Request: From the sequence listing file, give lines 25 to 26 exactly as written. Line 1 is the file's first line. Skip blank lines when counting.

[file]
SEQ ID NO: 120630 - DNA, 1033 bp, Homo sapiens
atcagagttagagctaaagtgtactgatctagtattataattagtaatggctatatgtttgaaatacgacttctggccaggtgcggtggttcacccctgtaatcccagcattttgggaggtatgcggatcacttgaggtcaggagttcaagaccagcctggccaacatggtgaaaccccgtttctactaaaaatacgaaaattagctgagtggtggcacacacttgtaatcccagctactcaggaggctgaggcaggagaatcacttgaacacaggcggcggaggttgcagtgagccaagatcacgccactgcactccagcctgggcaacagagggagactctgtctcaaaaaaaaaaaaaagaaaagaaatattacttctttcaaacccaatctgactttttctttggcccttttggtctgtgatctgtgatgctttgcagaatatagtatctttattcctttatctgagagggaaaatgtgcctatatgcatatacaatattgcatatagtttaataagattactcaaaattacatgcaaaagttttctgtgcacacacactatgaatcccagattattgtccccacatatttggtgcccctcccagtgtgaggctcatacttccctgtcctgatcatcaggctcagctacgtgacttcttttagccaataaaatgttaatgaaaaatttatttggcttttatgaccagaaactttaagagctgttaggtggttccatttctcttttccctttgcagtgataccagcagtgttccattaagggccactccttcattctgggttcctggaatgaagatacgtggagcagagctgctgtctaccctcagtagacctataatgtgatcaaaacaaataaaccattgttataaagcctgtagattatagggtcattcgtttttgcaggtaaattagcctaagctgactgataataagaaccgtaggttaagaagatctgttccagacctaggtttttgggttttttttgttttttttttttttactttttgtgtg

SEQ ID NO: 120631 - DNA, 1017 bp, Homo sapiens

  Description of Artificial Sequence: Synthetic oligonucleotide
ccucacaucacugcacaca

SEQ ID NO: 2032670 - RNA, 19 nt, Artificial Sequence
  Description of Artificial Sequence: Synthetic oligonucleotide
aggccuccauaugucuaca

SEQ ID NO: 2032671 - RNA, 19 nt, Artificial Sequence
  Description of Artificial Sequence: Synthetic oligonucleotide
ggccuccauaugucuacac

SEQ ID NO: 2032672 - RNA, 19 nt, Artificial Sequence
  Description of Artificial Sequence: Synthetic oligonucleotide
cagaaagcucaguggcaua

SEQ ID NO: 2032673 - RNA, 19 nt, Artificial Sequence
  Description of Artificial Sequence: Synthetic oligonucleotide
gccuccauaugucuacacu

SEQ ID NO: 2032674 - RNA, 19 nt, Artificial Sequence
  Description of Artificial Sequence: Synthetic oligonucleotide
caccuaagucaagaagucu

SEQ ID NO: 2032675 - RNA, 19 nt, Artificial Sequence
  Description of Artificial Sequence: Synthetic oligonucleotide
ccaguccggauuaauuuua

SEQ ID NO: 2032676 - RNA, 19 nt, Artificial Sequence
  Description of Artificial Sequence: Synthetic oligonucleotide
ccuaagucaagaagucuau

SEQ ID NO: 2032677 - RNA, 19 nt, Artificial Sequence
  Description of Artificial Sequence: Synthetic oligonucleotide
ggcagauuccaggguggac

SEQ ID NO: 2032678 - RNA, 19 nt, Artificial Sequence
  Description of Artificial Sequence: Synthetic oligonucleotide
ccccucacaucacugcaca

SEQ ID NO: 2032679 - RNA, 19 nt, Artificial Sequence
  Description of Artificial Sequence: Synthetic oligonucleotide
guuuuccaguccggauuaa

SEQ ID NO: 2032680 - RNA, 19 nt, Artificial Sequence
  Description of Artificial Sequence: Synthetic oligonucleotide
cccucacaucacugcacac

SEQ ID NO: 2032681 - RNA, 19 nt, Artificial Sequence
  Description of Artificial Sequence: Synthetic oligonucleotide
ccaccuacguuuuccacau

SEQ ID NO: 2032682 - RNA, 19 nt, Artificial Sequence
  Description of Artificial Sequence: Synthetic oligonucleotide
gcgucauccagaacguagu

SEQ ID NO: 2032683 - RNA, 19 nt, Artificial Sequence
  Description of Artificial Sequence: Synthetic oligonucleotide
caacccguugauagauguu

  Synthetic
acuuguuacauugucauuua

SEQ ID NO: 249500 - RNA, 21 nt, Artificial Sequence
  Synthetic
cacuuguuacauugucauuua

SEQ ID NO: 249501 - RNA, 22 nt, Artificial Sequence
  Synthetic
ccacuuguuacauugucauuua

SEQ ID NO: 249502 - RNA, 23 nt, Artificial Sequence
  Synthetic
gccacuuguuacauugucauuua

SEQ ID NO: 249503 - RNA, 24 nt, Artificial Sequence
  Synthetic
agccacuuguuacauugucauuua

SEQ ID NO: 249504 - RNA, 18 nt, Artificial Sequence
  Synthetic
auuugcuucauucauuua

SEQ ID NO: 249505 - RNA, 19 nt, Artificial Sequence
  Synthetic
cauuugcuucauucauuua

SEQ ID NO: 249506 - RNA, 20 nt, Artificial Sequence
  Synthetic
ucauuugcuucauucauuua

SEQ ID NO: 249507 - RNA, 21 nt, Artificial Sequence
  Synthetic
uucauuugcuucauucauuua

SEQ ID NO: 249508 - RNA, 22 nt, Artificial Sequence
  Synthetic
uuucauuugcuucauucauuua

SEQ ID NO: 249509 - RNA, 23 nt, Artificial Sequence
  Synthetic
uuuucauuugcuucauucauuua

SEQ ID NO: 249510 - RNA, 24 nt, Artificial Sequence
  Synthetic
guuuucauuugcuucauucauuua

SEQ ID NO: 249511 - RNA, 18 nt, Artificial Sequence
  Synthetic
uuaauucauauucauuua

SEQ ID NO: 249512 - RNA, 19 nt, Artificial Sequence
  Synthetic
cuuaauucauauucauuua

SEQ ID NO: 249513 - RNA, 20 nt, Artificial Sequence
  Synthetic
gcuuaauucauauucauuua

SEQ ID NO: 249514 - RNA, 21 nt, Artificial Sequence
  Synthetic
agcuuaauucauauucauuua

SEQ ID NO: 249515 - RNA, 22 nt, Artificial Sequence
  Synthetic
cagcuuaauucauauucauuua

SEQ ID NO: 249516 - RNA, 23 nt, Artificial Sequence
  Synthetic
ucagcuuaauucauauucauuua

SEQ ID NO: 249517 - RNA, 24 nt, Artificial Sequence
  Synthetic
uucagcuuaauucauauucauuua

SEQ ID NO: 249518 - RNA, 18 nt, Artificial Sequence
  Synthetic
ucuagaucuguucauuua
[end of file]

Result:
  Description of Artificial Sequence: Synthetic oligonucleotide
ccuaagucaagaagucuau